REPORT ANALYSIS AND CONCLUSION
With the release of the Intel SSD DC S3500, Intel is entering a sector that was once dominated by consumer drives masquerading as enterprise drives. These read intensive environments don’t need high priced, high endurance NAND. They need to be read optimized, but they also can’t falter when a few writes are thrown their way.
If you were making a checklist for an entry-level, read-oriented SSD, the S3500 would have every box checked. To have so many enterprise features in an SSD that retails for ~$1.20/GB is impressive.
But, overall, how did the S3500 stand up to the SM843? Lets just say it held it’s own. Now, we can only compare the drives we receive for review. With that said, the two drives were evenly matched, with no one drive separating itself too much. The S3500 did a great job of handling high read/low write workloads, which is a very common enterprise application. We were a little disappointed by the latency distribution, but the results weren’t terrible.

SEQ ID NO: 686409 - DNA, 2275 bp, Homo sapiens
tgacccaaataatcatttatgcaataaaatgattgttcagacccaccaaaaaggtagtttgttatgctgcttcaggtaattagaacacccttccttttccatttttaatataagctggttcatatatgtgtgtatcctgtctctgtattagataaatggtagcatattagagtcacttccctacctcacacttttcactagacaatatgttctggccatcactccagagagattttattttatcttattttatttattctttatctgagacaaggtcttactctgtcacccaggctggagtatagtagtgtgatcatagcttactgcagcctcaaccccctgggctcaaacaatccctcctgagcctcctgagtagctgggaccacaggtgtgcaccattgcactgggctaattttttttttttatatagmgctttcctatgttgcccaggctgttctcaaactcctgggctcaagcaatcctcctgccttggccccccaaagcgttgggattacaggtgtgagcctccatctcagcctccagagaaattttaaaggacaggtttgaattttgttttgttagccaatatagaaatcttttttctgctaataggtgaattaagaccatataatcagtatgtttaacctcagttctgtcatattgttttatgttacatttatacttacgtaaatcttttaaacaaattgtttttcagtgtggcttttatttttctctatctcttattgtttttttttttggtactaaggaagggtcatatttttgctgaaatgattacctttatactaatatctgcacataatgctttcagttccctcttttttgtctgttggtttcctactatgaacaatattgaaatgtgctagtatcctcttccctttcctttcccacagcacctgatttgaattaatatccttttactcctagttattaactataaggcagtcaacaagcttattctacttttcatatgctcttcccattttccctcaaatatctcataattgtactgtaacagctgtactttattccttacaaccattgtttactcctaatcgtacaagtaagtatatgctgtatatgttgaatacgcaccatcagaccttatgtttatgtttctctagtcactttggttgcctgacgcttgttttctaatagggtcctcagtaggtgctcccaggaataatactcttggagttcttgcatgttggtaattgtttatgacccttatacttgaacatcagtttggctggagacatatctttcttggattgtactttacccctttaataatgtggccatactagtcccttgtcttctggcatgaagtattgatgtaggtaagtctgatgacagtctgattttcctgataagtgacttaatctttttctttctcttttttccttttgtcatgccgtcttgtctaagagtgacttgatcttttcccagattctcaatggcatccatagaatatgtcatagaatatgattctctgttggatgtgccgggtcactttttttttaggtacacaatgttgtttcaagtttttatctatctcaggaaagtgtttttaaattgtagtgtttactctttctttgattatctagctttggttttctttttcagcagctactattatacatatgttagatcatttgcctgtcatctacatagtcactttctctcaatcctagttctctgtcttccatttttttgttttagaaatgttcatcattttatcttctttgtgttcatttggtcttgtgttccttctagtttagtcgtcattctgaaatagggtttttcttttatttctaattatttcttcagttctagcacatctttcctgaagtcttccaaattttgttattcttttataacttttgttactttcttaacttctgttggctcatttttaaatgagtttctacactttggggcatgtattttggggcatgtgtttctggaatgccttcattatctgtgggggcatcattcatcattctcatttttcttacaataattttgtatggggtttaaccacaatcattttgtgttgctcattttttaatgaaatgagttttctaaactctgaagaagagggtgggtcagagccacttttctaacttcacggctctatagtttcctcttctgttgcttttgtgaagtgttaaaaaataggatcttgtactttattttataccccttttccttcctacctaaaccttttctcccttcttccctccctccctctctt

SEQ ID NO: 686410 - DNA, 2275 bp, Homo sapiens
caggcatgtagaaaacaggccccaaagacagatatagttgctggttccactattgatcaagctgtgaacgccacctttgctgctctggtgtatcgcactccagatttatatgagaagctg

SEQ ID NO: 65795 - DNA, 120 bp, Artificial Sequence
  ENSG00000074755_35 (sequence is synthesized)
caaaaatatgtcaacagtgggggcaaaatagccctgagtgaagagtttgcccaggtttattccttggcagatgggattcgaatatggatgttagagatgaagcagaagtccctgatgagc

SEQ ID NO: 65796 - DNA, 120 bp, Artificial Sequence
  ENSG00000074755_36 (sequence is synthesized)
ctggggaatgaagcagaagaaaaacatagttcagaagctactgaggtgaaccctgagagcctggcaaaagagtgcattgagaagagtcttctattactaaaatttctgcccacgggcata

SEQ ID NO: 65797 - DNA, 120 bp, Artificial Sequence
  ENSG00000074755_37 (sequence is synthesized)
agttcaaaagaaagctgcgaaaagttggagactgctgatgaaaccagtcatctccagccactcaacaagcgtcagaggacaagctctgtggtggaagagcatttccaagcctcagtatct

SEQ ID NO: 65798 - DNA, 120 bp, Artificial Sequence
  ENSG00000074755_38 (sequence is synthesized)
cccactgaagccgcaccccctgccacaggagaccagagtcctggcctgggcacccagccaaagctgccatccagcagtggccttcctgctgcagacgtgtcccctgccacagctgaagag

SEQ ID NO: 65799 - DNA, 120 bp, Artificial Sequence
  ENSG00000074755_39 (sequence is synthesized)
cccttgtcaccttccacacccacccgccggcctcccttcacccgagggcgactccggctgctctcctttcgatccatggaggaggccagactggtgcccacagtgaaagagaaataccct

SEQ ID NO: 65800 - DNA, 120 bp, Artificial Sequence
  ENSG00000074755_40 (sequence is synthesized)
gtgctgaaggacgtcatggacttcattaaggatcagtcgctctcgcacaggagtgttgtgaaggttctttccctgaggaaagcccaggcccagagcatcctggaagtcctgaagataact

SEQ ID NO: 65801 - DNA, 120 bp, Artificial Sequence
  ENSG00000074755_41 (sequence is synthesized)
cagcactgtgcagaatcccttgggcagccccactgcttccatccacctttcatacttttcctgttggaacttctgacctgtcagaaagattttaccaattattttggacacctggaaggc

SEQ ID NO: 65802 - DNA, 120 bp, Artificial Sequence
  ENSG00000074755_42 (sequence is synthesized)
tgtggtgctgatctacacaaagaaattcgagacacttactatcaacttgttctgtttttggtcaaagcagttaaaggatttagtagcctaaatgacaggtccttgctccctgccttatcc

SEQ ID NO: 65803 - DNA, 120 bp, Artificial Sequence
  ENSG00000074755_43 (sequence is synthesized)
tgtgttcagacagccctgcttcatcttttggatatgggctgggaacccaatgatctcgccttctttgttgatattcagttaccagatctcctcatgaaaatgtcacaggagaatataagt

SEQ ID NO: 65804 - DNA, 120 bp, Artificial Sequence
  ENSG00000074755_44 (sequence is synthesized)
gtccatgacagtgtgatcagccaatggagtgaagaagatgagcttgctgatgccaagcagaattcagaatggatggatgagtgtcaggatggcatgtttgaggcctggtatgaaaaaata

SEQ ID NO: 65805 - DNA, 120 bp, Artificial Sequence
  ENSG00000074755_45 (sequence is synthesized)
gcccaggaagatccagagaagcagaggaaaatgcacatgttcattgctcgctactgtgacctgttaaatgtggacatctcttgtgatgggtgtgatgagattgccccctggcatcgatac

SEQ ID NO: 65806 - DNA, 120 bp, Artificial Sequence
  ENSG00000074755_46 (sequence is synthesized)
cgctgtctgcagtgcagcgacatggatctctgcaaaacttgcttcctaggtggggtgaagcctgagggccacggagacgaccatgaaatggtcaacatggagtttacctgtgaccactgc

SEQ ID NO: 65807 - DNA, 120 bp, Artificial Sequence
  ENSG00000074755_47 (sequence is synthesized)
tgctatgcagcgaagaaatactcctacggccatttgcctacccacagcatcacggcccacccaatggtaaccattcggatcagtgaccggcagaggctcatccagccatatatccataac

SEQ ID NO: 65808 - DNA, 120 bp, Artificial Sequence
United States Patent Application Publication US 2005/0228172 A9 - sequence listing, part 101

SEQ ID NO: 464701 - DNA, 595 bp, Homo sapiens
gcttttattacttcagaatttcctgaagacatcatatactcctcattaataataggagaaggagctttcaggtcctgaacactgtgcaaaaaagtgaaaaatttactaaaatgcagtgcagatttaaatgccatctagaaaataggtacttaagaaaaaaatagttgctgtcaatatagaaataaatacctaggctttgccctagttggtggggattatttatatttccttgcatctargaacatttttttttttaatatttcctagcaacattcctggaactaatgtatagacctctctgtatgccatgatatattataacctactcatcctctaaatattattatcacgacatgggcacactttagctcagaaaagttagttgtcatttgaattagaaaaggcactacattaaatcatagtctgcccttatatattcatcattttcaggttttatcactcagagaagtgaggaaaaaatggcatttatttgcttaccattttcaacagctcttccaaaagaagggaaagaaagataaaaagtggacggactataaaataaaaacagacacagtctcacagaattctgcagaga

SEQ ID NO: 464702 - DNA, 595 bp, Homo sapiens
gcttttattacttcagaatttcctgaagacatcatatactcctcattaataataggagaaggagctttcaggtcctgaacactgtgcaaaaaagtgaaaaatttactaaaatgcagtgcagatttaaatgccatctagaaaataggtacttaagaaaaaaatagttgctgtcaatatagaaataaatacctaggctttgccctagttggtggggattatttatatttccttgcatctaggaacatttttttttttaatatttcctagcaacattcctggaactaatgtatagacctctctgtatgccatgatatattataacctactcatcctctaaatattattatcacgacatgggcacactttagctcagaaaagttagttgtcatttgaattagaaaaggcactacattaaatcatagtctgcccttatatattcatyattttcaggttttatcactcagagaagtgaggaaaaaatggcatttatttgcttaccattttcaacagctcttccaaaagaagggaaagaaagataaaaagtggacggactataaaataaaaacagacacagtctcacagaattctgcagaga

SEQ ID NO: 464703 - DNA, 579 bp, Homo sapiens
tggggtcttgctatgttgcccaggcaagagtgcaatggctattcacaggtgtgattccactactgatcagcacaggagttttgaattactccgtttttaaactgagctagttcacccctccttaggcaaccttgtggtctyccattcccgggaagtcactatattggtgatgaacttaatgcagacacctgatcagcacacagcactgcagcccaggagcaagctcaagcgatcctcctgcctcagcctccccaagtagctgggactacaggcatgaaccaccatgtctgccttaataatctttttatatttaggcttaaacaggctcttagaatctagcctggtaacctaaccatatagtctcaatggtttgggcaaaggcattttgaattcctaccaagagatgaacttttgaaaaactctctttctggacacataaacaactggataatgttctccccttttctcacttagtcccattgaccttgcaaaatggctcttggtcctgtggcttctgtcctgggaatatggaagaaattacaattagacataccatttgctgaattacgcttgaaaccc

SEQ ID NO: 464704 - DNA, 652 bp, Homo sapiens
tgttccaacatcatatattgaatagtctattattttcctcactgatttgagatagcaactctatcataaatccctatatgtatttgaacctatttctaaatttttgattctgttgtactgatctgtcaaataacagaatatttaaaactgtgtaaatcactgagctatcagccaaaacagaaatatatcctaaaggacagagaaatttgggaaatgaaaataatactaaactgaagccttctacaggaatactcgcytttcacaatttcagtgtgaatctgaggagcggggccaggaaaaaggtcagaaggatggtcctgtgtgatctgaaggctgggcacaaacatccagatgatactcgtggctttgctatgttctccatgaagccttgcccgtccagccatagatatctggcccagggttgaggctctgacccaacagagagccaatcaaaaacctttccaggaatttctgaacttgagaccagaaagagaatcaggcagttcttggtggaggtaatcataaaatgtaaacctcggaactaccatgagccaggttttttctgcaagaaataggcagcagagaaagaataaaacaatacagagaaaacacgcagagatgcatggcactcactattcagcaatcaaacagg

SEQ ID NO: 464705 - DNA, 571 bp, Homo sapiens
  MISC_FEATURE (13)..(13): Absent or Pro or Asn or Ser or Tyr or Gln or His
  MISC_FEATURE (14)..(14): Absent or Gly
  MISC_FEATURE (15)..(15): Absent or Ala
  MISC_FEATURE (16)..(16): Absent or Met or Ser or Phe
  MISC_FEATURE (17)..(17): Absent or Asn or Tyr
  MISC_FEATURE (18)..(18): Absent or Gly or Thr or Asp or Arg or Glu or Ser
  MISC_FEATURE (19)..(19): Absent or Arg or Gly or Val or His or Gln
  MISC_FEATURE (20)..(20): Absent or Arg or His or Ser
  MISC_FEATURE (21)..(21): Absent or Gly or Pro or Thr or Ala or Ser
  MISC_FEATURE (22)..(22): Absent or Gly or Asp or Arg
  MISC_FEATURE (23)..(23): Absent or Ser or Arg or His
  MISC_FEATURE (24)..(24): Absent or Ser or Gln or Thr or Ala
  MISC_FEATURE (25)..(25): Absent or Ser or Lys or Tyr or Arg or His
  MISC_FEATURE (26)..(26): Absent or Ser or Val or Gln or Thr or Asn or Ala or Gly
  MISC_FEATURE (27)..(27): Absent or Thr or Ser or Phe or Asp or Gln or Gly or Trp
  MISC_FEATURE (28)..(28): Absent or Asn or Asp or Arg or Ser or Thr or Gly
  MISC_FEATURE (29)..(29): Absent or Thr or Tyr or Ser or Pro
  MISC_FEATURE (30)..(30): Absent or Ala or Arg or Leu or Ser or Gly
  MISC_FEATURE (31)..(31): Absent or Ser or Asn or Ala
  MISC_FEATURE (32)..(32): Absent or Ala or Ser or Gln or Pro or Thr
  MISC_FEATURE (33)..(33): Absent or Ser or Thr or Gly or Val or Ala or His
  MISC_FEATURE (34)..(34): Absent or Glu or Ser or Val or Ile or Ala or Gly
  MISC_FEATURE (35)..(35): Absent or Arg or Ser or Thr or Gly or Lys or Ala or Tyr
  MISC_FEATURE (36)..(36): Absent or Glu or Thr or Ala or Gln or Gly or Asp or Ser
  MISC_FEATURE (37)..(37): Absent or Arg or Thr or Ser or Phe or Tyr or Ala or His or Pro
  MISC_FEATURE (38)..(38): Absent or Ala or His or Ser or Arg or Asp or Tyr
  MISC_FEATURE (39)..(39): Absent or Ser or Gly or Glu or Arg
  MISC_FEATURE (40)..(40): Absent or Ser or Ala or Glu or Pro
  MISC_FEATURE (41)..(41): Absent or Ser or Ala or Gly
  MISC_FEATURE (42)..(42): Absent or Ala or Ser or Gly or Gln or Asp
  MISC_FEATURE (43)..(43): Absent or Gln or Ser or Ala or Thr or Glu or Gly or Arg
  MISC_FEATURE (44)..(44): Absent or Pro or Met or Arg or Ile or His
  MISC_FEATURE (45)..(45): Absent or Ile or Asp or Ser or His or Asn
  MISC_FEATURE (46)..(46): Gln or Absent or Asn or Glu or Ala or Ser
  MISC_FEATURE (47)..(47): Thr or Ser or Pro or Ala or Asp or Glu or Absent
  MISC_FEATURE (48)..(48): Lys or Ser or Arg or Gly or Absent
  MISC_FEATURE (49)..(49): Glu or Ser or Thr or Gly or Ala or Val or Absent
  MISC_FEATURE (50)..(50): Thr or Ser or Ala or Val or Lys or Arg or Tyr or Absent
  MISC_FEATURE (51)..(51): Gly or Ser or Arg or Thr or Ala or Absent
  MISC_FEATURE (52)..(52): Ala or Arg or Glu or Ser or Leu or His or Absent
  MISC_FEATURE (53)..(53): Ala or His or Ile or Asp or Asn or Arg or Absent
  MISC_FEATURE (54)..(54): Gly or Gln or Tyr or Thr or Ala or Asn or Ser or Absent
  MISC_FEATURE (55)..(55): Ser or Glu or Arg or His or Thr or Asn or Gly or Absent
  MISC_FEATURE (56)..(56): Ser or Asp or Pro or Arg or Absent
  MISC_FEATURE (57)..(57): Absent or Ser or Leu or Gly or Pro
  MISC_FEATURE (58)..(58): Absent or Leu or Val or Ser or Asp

When we start to look at capacities that we didn’t test, the S3500 doesn’t look quite as good. The write performance on the S3500 goes downhill rapidly as the capacity decreases, while the SM843 stays pretty consistent across capacities. On the other hand, the S3500 offers so many capacity points, it covers many more options than the SM843.
In this battle of enterprise drives, there are no losers, but there is no clear winner. Each drive has its positives and its negatives. If we were forced to choose, we would probably go with the S3500 simply because it has more enterprise features that the SM843 can’t match, as well as a transparent and very low pricing scheme. For this, we have awarded the Intel SSD DC S3500 with our Top Value Award.